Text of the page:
APC and Memcache with Magento

You need to understand the clear distinction between these two products to understand how to use them.

  • APC is both an OPCode Cache and Fast Backend
  • Memcache is just a Fast Backend

Using APC as an OPCode Cache

Simply install the module on your server

pecl install apc

And enable it in your php.ini

echo "extension=apc.so" >> /usr/lib/local/php.ini       (RedHat/Centos)
echo "extension=apc.so" >> /etc/php5/conf.d/20apc.ini   (Debian)

You then enable and fine-tune the runtime configuration to suit, eg.

apc.enabled
apc.shm_segments
apc.shm_size
apc.optimization
apc.num_files_hint
apc.user_entries_hint
apc.ttl
apc.user_ttl

Then restart PHP/Apache

/etc/init.d/httpd restart                               (RedHat/Centos)
/etc/init.d/apache2 restart                             (Debian)

After that, there is nothing else to do. Confirm APC is enabled with a quick phpinfo() – but otherwise, at this point, the OPCode cache portion of APC is active.

Nothing needs to be configured on Magento’s side.

Using APC as a Fast Backend

You need to add the following to your ./app/etc/local.xml

<global>
  ...
  <cache>
    <backend>apc</backend>
      <prefix>mystore_</prefix>
  </cache>
  ...
</global>

Then flush your existing store caches. To verify it is working, load a page in the front-end and the ./var/cache directory should remain empty.

Using Memcache as a Fast Backend

You’ll need to install Memcache as a PHP extension, and install the respective Memcache Daemon (Memcached) on your server.

pecl install memcache

And enable it in your php.ini

echo "extension=memcache.so" >> /usr/lib/local/php.ini            (RedHat/Centos)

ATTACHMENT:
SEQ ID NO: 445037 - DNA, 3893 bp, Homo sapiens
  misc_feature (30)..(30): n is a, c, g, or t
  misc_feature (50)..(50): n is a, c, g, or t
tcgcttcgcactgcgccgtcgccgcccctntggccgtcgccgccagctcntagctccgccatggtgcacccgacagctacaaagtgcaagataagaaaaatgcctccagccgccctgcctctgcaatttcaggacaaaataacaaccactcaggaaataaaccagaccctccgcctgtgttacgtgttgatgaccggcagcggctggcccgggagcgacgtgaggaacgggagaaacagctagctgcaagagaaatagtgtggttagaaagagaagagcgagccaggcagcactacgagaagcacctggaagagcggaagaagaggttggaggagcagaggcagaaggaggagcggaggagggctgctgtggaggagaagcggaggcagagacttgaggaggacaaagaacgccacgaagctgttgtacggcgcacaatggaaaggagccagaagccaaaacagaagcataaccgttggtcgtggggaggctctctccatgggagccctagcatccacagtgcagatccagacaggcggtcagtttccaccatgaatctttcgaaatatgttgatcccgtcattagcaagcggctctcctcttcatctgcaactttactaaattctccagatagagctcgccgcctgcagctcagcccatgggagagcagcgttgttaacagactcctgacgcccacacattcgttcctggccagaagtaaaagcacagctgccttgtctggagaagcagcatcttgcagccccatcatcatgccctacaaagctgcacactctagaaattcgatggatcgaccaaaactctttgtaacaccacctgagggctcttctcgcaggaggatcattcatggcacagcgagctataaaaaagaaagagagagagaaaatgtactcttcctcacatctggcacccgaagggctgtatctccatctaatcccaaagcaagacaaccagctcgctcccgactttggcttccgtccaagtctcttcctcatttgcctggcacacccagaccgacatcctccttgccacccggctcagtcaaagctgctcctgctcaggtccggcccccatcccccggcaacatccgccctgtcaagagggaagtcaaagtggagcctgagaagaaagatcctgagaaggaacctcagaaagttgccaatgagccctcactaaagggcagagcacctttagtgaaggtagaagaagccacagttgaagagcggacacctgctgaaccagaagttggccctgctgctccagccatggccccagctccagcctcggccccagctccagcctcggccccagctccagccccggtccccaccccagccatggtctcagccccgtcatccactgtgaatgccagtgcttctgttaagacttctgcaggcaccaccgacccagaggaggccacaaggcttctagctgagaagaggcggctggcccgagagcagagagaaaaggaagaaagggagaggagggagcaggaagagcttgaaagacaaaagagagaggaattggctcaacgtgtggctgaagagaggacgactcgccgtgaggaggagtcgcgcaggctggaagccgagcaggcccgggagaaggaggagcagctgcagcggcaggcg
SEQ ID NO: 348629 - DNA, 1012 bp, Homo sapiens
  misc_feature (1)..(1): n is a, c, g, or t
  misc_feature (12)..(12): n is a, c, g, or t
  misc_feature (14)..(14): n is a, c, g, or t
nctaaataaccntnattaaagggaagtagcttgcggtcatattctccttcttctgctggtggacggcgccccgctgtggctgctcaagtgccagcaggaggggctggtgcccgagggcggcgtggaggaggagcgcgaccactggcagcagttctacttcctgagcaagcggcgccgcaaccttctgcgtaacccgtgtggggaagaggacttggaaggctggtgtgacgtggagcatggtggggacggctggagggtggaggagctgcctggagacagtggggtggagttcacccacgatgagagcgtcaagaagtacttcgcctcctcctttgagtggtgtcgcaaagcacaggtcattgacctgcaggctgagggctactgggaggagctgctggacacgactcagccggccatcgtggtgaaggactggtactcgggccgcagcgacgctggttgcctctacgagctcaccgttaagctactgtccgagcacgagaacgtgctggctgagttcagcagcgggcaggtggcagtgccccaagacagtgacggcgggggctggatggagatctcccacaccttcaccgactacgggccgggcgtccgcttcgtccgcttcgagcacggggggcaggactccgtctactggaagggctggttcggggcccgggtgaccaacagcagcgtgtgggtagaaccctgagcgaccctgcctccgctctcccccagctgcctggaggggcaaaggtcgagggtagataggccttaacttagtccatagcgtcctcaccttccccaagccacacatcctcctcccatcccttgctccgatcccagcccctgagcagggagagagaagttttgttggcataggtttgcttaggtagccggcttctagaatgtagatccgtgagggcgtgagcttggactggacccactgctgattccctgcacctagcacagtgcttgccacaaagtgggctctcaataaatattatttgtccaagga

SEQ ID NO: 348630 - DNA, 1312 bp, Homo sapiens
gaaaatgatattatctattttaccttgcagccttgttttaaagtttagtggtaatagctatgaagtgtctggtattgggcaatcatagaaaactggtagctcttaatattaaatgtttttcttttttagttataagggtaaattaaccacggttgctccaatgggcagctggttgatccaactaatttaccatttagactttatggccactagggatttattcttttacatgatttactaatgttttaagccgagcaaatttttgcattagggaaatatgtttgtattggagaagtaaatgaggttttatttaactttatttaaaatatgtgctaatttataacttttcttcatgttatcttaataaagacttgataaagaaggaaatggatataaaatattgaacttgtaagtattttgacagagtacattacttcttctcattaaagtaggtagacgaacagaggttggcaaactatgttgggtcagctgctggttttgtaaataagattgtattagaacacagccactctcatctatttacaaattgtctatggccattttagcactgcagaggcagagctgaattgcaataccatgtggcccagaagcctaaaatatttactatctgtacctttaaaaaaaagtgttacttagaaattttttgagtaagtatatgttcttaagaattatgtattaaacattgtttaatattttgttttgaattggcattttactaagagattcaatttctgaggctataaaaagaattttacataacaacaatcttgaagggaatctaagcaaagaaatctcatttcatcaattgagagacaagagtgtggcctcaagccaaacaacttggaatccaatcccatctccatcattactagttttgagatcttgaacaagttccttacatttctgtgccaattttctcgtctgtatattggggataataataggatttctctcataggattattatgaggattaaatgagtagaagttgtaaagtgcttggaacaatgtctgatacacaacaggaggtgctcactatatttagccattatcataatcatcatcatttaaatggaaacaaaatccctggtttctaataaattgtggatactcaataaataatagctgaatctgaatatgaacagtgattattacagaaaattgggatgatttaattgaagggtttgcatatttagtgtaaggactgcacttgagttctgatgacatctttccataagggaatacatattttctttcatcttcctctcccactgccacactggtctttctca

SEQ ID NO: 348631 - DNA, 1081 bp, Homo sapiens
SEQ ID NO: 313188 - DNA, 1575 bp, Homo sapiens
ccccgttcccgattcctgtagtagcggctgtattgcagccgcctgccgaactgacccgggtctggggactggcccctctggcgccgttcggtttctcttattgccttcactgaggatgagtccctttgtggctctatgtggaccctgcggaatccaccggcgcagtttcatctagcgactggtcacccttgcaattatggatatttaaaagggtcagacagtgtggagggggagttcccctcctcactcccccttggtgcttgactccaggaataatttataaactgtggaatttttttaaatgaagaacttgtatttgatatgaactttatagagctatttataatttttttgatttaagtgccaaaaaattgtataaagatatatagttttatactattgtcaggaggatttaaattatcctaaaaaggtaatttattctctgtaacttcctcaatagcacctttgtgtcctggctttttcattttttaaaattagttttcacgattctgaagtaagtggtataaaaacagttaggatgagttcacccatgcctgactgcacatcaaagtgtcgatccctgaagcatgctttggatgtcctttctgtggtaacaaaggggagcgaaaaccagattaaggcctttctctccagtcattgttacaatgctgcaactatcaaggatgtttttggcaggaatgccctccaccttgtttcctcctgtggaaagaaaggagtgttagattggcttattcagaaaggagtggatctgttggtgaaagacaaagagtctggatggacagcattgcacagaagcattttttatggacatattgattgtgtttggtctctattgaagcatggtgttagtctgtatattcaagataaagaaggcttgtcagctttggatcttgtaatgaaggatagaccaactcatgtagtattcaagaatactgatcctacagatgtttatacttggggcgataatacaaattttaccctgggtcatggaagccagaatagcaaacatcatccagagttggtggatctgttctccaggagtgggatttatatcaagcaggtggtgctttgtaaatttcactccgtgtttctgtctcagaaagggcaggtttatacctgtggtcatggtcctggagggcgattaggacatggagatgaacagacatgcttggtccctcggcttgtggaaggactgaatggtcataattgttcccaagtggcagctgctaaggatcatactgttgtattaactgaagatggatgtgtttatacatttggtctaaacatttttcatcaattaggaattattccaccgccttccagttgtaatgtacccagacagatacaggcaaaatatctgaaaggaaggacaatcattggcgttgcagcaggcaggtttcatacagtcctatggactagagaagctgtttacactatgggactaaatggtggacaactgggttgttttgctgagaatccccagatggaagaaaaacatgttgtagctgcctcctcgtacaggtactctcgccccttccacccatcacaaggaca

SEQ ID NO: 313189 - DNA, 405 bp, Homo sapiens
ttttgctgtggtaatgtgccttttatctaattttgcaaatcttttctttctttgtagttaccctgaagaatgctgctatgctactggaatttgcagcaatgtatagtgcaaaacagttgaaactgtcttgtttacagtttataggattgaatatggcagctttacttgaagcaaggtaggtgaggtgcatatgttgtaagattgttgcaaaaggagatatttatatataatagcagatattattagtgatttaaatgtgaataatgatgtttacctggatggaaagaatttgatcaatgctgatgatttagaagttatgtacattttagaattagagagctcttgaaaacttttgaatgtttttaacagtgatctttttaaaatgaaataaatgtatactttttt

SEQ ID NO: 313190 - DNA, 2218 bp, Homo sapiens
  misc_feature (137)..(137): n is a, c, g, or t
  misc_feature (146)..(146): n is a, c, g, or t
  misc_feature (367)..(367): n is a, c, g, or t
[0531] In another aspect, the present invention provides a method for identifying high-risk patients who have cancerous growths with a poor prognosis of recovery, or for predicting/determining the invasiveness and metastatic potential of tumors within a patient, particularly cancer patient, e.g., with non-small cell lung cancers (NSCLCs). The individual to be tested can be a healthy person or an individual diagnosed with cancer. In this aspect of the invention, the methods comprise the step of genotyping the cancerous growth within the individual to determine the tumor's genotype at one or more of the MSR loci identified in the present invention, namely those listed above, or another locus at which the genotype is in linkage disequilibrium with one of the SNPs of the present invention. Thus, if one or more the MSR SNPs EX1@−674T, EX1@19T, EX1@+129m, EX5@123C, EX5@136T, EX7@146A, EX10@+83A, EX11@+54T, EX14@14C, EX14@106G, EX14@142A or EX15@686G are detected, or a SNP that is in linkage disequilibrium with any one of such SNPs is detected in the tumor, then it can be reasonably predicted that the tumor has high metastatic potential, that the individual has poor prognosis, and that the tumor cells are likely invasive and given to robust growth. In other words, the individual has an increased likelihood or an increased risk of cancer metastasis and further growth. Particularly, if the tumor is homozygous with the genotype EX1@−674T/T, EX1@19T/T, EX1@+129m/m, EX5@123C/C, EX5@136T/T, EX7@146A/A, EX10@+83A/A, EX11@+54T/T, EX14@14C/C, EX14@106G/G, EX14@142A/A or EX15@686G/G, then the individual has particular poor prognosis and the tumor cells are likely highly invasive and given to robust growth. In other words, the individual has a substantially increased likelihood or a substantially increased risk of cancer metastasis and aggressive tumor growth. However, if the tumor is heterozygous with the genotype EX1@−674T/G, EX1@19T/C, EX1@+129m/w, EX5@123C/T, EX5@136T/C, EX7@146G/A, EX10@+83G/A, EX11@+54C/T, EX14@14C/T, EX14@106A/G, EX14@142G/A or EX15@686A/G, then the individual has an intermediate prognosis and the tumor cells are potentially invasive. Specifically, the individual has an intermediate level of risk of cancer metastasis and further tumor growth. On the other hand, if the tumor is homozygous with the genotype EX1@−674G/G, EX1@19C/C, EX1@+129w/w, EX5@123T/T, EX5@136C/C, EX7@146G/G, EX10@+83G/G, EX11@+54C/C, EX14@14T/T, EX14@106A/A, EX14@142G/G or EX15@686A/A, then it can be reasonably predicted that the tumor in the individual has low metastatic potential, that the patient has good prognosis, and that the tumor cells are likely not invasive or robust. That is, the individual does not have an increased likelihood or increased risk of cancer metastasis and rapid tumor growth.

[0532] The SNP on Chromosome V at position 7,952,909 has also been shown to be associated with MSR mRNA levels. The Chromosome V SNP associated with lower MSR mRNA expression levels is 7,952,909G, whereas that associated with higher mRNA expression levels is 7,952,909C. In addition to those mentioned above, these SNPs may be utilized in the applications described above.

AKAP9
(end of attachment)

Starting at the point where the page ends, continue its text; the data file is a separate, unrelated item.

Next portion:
echo "extension=memcache.so" >> /etc/php5/conf.d/20memcache.ini   (Debian)

/etc/init.d/httpd restart                               (RedHat/Centos)
/etc/init.d/apache2 restart                             (Debian)

Then install Memcached on the server. For RH/Centos, adjust the URL to suit your release version and CPU architecture.

rpm -Uhv http://apt.sw.be/redhat/el6/en/x86_64/rpmforge/RPMS/rpmforge-release-0.5.2-2.el6.rf.x86_64.rpm
yum --enablerepo=rpmforge install memcached

apt-get install memcached                               (Debian)

Then modify Magento to use Memcache as a fast backend, change the socket path to a TCP/IP connection to suit.

<cache>
  <slow_backend>database</slow_backend>

  <fast_backend>memcached</fast_backend>
  <fast_backend_options>
    <servers>
      <server>
        <host>unix:///tmp/memcached.sock</host>
        <port>0</port>
        <persistent>0</persistent>
      </server>
    </servers>
  </fast_backend_options>

  <backend>memcached</backend>
  <memcached>
  <servers>
    <server>
      <host>unix:///tmp/memcached.sock</host>
      <port>0</port>
      <persistent>0</persistent>
    </server>
  </servers>
</cache>

The caveats of Memcache and tagging – what is it storing

Memcache only supports a single level of key-value relationships, so it cannot store the Magento cache tags (that are used to flush cache data independently). As a result, you either need to specify a slow_backend to maintain the cache content tag relationship, or don’t define one at all.

If you define a slow_backend, you run the risk of the cache tags growing so large that performance is negated; there is also the inherent problem that you cannot scale across multiple servers if each server is maintaining their own cache tags.

So when using Memcache, the better approach (with the caveat you cannot flush caches independently), is to not bother using the slow_backend.

In which case, we suggest removing <slow_backend>database</slow_backend> and replacing it with:

  <slow_backend>Memcached</slow_backend>
  <slow_backend_options>
    <servers>
      <server>
        <host>unix:///tmp/memcached.sock</host>
        <port>0</port>
        <persistent>0</persistent>
      </server>
    </servers>
  </slow_backend_options>

This will break/disable the 2nd level of caching (and prevent tag storage), but still allow the performance of Memcache.

Which to use

If its a single server deployment – there’s no harm just using APC for everything.

If its a distributed set-up – then you’ll need to use Memcache as the fast backend (so that all machines can access the common store).

What would we use?

Well, neither actually.

We use MageStack – which is an ultra high performance Magento Operating System that provides native operational code caching beyond that of APC (with a ~8% performance improvement), and utilises an advanced cache bac-kend that does support cache tagging.